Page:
YJC
YJC
Reply to  Rob Ashton
1 year ago

No.sorry not joking.
Whatever your politics are – it does not matter – as Mr Seely helped this case for not only the island women affected but their husbands and families too.
Mr Seely attended many debates – and one of the last ones was over three hours.
He supported and endorsed the PHSO complaints made by local women.
Without which this ruling would not have been overturned by a MALE High Court Judge.

Blob Squealey
Blob Squealey
Reply to  YJC
1 year ago

Thank you. I’ll do anything if I think it’ll attract more votes.

Andy
Andy
1 year ago

Excellent news for many women – it is terrible how they have been treated by the DWP !

Erin
Erin
1 year ago

It’s a fact that millions of normal working class men have had to work 5 years longer than women for generations before they were allowed to claim a pension had no voice. No one ever mentions that fact. Even though men statistically work longer hours, they work in more physically demanding and dangerous jobs, are more likely to be killed at work and generally have shorter life spans. Now they are on the verge of having to work until nearly 70. No one will ever help those people.

Last edited 1 year ago by Erin
Janesville Read
Janesville Read
Reply to  Erin
1 year ago

Men retirement age was already known, they change the goal post where women were concerned

Turnstile
Turnstile
1 year ago

About time. For any men out there feeling sorry for themselves they’ve retired at 66, women receiving their pension in most cases undeniably took on the carer roles. Both for the elderly parents and the grandchildren. Daylight is beginning to dawn where the sharp rise in the requirement for adult social care, and the drop out of many (previously working) mums from the workplace is due to the cost of child care. WASPI did warn this would happen SIX years ago when the retirement age was escalated but nobody listened. How short sighted. Now watch the government sit on the Ombudman’s findings until another few thousand women of qualifying age die. That’s what they’ve done until now..

Last edited 1 year ago by Turnstile
jessip
jessip
Reply to  Turnstile
1 year ago

stop being such burdens on the state – you could have got jobs and worked – you demand equality, yet you expect to be treated differently on pensions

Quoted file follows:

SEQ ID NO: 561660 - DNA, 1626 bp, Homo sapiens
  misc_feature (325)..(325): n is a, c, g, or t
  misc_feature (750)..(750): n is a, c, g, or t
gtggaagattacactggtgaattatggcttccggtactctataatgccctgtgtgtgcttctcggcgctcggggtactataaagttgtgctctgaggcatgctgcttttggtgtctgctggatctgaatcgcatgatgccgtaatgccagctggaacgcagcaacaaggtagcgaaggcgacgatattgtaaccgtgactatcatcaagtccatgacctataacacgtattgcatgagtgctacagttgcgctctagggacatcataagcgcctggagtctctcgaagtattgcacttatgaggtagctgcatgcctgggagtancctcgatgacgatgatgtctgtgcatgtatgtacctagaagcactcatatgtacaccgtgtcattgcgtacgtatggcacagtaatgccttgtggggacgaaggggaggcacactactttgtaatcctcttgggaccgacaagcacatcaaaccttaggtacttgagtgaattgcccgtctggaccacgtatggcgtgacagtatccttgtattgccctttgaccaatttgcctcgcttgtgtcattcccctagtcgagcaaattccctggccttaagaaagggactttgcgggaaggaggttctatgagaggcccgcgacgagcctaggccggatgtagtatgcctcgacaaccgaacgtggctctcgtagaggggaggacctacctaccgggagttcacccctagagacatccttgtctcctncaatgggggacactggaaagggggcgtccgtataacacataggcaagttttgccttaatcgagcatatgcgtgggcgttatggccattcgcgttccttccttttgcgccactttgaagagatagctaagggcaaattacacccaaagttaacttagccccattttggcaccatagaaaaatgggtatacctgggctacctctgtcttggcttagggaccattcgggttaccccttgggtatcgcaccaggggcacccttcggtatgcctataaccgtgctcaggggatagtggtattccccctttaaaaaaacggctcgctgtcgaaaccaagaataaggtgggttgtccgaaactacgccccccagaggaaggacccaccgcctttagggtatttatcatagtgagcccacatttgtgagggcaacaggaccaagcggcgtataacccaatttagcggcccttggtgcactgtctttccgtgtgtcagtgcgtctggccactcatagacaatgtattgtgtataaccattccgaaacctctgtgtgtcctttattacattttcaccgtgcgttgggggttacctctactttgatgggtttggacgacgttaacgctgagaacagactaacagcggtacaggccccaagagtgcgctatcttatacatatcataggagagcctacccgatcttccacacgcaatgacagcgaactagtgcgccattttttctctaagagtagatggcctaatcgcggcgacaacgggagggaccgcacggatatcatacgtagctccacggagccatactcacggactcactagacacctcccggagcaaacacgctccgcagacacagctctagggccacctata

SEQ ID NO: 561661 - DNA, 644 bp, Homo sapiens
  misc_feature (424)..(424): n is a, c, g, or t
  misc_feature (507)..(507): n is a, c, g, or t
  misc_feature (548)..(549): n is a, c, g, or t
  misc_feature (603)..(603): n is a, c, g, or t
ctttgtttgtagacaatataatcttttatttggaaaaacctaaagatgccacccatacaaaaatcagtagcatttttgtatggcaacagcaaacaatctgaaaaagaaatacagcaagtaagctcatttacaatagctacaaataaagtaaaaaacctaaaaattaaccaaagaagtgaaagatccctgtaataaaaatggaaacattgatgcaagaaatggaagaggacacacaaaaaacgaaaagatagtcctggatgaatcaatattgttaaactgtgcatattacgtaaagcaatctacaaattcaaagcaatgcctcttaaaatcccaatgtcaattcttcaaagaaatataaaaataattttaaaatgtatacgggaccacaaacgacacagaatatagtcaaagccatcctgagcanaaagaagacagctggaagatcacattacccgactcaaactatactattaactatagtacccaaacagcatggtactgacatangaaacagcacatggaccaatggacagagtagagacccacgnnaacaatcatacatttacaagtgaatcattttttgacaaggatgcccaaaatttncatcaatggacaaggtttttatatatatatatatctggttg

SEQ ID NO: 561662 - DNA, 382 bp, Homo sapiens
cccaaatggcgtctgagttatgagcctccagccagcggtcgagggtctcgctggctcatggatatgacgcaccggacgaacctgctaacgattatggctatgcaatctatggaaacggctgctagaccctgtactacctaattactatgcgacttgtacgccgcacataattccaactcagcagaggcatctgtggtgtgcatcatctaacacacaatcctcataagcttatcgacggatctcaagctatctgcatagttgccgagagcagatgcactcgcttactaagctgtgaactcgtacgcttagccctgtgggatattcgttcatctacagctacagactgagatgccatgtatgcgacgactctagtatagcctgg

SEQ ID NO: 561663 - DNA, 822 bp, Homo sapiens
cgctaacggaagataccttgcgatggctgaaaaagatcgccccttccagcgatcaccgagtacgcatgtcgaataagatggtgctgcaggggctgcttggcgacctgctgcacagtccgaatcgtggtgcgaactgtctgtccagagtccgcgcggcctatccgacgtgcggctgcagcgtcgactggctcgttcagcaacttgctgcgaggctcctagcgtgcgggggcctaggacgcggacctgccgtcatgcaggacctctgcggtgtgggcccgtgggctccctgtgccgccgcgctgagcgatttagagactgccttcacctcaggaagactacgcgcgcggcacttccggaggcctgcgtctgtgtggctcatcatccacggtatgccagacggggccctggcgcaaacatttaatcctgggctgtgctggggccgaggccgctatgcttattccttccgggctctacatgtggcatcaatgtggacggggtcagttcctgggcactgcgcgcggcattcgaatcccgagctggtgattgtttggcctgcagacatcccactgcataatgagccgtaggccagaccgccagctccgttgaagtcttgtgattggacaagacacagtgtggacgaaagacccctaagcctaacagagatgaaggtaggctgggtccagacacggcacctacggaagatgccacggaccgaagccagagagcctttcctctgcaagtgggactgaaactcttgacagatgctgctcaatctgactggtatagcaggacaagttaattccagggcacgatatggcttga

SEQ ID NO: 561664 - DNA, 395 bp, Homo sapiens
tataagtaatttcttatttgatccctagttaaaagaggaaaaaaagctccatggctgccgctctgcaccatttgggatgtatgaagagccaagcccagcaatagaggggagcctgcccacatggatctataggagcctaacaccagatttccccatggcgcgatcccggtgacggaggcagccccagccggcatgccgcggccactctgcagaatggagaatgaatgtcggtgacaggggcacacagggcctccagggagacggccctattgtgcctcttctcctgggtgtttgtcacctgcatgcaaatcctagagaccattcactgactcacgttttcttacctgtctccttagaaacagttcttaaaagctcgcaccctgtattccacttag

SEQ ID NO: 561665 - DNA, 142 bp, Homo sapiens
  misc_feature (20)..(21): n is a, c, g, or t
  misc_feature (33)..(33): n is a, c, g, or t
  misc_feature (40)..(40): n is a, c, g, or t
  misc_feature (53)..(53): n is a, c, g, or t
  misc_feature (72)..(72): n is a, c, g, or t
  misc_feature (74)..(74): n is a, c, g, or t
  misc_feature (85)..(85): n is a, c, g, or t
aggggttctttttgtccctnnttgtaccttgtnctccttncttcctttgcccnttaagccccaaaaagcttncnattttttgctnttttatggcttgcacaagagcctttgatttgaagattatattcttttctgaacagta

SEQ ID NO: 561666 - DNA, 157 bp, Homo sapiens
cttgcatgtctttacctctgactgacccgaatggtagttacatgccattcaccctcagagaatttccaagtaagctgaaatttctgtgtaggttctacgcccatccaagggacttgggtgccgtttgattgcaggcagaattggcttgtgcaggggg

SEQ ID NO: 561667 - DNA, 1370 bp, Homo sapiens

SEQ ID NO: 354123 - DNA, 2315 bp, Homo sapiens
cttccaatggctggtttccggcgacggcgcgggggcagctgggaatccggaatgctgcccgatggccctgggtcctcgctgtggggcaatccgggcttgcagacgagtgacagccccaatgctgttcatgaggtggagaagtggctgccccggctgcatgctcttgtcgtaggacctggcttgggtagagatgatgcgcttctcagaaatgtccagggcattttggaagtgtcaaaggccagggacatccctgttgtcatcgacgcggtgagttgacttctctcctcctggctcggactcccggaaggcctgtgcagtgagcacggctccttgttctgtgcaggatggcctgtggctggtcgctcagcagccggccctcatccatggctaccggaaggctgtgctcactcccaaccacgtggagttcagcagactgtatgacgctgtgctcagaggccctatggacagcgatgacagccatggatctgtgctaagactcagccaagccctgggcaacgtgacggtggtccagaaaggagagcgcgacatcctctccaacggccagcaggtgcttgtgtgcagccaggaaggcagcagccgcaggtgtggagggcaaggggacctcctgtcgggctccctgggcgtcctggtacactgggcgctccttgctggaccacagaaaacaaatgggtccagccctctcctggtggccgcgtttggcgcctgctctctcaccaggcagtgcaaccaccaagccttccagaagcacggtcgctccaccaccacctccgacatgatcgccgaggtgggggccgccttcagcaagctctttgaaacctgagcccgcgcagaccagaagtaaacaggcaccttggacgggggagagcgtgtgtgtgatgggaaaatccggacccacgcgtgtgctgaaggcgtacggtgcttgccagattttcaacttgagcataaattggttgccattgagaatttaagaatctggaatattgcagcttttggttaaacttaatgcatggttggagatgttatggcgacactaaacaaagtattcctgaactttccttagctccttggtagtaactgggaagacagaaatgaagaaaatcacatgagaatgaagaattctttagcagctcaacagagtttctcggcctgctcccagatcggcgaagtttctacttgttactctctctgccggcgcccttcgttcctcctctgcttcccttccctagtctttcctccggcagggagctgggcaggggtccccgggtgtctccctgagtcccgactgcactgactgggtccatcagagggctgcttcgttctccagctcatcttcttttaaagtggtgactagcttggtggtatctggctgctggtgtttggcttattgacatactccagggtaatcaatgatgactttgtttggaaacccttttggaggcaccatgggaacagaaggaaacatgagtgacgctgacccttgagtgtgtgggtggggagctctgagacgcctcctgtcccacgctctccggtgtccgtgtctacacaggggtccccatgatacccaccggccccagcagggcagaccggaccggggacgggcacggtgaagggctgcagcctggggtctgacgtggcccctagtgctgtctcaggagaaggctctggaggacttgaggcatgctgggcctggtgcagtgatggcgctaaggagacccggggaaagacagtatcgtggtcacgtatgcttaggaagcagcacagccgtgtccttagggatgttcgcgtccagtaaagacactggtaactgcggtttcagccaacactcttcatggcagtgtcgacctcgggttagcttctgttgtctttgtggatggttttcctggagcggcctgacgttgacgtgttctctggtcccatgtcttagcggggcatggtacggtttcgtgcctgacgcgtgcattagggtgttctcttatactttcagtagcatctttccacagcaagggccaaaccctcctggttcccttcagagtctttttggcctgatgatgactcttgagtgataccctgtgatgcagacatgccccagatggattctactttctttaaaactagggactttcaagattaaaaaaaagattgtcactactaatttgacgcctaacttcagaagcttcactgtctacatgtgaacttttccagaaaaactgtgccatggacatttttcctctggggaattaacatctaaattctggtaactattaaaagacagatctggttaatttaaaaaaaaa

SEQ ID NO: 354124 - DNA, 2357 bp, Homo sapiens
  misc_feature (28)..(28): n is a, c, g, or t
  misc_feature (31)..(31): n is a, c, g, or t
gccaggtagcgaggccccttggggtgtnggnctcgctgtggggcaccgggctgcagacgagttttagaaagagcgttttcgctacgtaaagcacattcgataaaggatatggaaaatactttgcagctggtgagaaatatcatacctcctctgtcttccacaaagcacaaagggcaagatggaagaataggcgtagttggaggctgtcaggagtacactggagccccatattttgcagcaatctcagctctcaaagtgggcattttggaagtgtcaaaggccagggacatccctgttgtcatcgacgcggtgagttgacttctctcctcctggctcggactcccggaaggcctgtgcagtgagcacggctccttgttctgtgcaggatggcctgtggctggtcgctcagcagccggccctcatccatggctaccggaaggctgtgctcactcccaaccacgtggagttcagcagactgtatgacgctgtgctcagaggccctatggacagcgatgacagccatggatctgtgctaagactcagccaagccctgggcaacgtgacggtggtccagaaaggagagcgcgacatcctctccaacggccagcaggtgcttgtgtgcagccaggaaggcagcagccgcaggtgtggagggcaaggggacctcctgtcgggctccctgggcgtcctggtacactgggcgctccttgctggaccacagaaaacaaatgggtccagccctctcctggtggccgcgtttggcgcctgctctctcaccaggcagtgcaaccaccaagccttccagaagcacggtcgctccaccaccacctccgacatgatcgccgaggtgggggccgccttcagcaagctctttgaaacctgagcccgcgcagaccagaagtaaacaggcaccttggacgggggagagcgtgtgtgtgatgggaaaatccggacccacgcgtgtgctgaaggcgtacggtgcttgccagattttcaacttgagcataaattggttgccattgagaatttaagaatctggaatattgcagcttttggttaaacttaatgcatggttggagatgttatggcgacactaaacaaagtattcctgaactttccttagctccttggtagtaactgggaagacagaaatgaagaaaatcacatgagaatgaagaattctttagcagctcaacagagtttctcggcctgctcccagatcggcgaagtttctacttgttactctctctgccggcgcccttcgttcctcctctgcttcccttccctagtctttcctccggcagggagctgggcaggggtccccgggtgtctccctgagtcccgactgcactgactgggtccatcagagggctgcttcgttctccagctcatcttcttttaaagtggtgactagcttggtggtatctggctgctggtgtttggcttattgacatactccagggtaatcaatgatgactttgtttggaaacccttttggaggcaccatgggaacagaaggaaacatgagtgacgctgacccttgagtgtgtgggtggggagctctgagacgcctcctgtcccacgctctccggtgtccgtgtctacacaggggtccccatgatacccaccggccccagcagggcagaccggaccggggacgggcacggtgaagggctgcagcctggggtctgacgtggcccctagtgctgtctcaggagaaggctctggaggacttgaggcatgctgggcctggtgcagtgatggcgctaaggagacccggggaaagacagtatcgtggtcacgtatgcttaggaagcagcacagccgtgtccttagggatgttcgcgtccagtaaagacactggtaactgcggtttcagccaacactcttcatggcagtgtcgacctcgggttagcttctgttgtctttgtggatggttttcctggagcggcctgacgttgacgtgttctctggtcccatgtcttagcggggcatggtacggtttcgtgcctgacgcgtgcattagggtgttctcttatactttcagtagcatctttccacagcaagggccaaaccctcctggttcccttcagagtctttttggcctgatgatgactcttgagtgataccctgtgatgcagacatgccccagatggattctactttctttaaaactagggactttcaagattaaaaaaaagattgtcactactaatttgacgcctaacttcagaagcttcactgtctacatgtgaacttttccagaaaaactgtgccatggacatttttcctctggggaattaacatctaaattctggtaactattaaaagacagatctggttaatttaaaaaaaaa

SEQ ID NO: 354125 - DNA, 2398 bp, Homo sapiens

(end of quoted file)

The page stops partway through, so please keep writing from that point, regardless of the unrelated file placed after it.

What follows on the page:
hypocrites

YJC
YJC
Reply to  jessip
1 year ago

Perhaps read the article?
This is not the Back to 60 Group – this is about the way it was done – and a MALE HIGH COURT JUDGE has ruled it was “injustice” in the way it was handled (or not)..

YJC
YJC
Reply to  jessip
1 year ago

When I started work at 15 I was told that if I paid a full NI stamp I would get my pension at 60.
I worked full time (with NO breaks) for 45 years and paid in full.
When I retired I had not been told that I would not get my promised and paid for state pension.
So had no opportunity to make other plans.
The (male) High Court Judge has agreed and ruled so it is not just me that thinks this was an injustice.

Yes, definitely I agree with equality and would always like to see that.
Women born in the 1950s have been treated like second class citizens in this matter.

layla
layla
Reply to  YJC
1 year ago

no you haven’t – you can read, I am not even at retirement age and was aware of the changes announced in 1995 – to say you didn’t know is clutching at straws at best

all you are doing is trying to leech money off the rest of us, because of your lousy attention to your own lives and finances.

saying you never watched the news or read papers in the past is laughable at best.

layla
layla
Reply to  jessip
1 year ago

all spongers that apparently cannot read newspapers, did not listen to news bulletins and apparently are so incompetent that they never bother to manage their own lives and financial plans.

you were all aware of the changes announced back in 1995 – all full of it and just trying to sponge off the rest of us.

Isobel R
Isobel R
1 year ago

so, what does that mean for each of us? do we have to remember if/when we received a letter? does the DWP assume if one was posted, according to their records, that we will have received it?